It is possible to buy soil moisture meters, although their accuracy varies and they aren’t mandatory. As a rule of thumb, you’re better off putting your fingers into the soil and checking for dampness. However, the soil should stay cooler and wetter below those first two inches.
Your plant may need a thorough watering if it is not. When watering your plant, you may either water from the top or the bottom, as long as you get all of the soil soaked.
- Half-fill a basin with water and submerge your plant for 10–20 minutes to water from the bottom.The soil will gradually absorb water via the mechanism of capillary action.
- Watering from the top of a plant might result in a lot of the water passing through the potting medium, rather than being retained by the soil. To combat this, apply a small amount of water at a time, giving the soil enough time to absorb it.
Leave the pot to drain any surplus water from the drainage holes after you are satisfied that your soil is moist enough. Wipe the plants’ leaves with a wet cloth to remove any dust, and then set the container back where it came from.
Although these plants are very tolerant, keep in mind that they come from the forest and hence need lots of light but little direct sunlight.
If you see dried brown spots on your Monstera leaves, it means your plant is receiving too much direct sunlight, and you should transfer it to a more suitable location.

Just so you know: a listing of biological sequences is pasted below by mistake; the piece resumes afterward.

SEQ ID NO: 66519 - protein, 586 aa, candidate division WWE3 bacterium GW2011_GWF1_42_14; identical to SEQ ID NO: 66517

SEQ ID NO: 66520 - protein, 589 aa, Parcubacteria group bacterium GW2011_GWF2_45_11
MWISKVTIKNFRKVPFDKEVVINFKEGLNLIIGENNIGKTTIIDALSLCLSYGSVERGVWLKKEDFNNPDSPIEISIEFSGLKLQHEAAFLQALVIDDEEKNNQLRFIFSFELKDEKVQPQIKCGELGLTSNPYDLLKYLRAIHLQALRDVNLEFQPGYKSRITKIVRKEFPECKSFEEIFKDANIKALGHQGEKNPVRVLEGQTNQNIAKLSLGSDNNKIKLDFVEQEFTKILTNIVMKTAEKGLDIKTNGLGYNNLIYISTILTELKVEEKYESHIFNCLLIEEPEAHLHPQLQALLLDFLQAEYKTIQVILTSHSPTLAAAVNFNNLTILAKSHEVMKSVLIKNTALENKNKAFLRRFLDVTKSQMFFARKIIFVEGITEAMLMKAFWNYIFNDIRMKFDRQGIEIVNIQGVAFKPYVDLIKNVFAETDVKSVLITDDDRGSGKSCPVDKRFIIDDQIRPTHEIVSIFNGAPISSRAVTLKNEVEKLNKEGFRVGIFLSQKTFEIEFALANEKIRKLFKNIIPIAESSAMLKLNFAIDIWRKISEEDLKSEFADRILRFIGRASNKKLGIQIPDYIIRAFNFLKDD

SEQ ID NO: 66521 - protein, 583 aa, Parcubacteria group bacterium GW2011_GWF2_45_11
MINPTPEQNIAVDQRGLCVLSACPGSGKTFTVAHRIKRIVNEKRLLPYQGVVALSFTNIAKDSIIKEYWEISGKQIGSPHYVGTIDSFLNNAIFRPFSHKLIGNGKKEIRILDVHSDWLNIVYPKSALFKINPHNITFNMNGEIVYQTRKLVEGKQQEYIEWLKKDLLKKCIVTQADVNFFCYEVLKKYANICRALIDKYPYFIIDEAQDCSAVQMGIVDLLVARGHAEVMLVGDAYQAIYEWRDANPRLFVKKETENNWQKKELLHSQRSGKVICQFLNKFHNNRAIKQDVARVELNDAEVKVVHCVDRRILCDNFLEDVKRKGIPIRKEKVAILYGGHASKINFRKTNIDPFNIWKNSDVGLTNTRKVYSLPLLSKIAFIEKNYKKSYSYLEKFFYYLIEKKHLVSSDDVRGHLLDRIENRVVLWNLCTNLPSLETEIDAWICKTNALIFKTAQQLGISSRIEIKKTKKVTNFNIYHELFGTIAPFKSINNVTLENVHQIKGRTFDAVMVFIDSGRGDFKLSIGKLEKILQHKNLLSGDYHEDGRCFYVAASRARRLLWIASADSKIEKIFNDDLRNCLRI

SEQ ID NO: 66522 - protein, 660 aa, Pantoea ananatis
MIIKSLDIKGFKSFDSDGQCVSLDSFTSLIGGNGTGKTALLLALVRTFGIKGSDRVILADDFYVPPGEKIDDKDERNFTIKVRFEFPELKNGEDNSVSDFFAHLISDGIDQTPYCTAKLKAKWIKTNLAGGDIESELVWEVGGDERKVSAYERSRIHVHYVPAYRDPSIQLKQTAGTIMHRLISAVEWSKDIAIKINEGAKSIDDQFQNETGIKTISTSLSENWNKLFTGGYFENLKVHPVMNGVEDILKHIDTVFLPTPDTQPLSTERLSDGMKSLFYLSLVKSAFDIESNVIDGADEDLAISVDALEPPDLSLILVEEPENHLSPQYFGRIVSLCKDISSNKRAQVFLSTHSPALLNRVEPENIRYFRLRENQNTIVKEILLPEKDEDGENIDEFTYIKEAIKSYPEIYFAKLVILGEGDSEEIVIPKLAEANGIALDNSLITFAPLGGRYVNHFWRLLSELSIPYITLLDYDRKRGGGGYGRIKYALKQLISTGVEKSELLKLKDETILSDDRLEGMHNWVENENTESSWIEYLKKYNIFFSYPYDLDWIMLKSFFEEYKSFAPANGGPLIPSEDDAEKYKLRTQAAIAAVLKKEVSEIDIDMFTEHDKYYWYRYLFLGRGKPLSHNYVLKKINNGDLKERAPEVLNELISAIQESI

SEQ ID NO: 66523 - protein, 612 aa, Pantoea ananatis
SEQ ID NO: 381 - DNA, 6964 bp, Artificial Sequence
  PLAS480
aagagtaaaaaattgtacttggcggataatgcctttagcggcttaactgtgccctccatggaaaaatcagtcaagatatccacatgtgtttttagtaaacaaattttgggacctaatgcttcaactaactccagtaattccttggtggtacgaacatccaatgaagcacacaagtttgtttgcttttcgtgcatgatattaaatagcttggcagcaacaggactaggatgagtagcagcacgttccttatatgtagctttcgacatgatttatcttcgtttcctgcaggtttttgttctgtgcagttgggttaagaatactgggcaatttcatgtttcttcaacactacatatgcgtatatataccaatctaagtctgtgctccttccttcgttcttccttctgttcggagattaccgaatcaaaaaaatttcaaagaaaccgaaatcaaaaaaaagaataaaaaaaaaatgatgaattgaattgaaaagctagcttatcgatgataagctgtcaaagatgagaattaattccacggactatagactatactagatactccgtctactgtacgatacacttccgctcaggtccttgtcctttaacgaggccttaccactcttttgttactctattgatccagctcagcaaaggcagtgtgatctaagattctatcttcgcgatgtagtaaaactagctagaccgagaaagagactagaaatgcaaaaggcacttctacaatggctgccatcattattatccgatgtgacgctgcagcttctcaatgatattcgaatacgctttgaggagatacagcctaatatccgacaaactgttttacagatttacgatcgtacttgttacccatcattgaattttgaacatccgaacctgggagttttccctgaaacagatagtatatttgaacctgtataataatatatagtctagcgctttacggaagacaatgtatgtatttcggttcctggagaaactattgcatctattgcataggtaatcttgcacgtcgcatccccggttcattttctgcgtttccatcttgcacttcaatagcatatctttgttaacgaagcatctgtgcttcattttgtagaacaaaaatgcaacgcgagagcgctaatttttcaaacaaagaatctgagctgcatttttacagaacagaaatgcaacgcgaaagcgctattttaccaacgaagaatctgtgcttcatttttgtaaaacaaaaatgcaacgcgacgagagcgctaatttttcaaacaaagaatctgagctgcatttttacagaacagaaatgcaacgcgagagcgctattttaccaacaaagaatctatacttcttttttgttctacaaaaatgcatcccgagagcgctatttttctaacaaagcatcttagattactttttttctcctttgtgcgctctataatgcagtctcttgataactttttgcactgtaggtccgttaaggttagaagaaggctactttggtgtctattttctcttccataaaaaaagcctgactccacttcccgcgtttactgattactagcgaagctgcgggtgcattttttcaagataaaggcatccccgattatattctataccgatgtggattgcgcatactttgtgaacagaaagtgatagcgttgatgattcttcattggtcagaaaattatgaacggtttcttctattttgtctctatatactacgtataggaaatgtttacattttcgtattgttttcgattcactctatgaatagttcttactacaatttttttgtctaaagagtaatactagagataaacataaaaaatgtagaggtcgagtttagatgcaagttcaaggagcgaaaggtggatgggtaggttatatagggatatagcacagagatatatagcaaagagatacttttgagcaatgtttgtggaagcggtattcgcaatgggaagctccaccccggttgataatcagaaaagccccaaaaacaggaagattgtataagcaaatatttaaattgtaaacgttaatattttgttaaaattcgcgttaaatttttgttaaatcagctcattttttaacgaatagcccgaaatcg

With low light, your Monstera plant will become stretched, with sparse leaves, and more susceptible to drooping and languishing. Either bright light or partial shade is excellent.
Both the health and the growth of your plant are directly influenced by the amount of light it receives.
It is important to bear in mind that although Monstera plants are quite forgiving, they are tropical plants and do not enjoy it when it gets too cold. The recommended temperature range is 64 to 84 degrees Fahrenheit (18 to 29 degrees Celsius).
Keep an eye out for any sources of cold drafts that may be causing stress to your Monstera plant and causing the leaves to droop.
Using a temperature sensor to record the lowest and highest temperatures for a few days and moving your plant as required will help you determine whether there is a problem with the temperature.
Read More: should i cut off drooping monstera leaves
To support their growth, these plants need a lot of nutrients. They may easily hit a height of 60 feet in the wild, however when kept in containers, they rarely exceed a reasonable 9 feet.
This kind of growth demands a consistent supply of nutrients, so:
- feed them twice a month with a general-purpose fertilizer throughout all months except during the winter months. One feed each month is sufficient during the slower-growing winter season.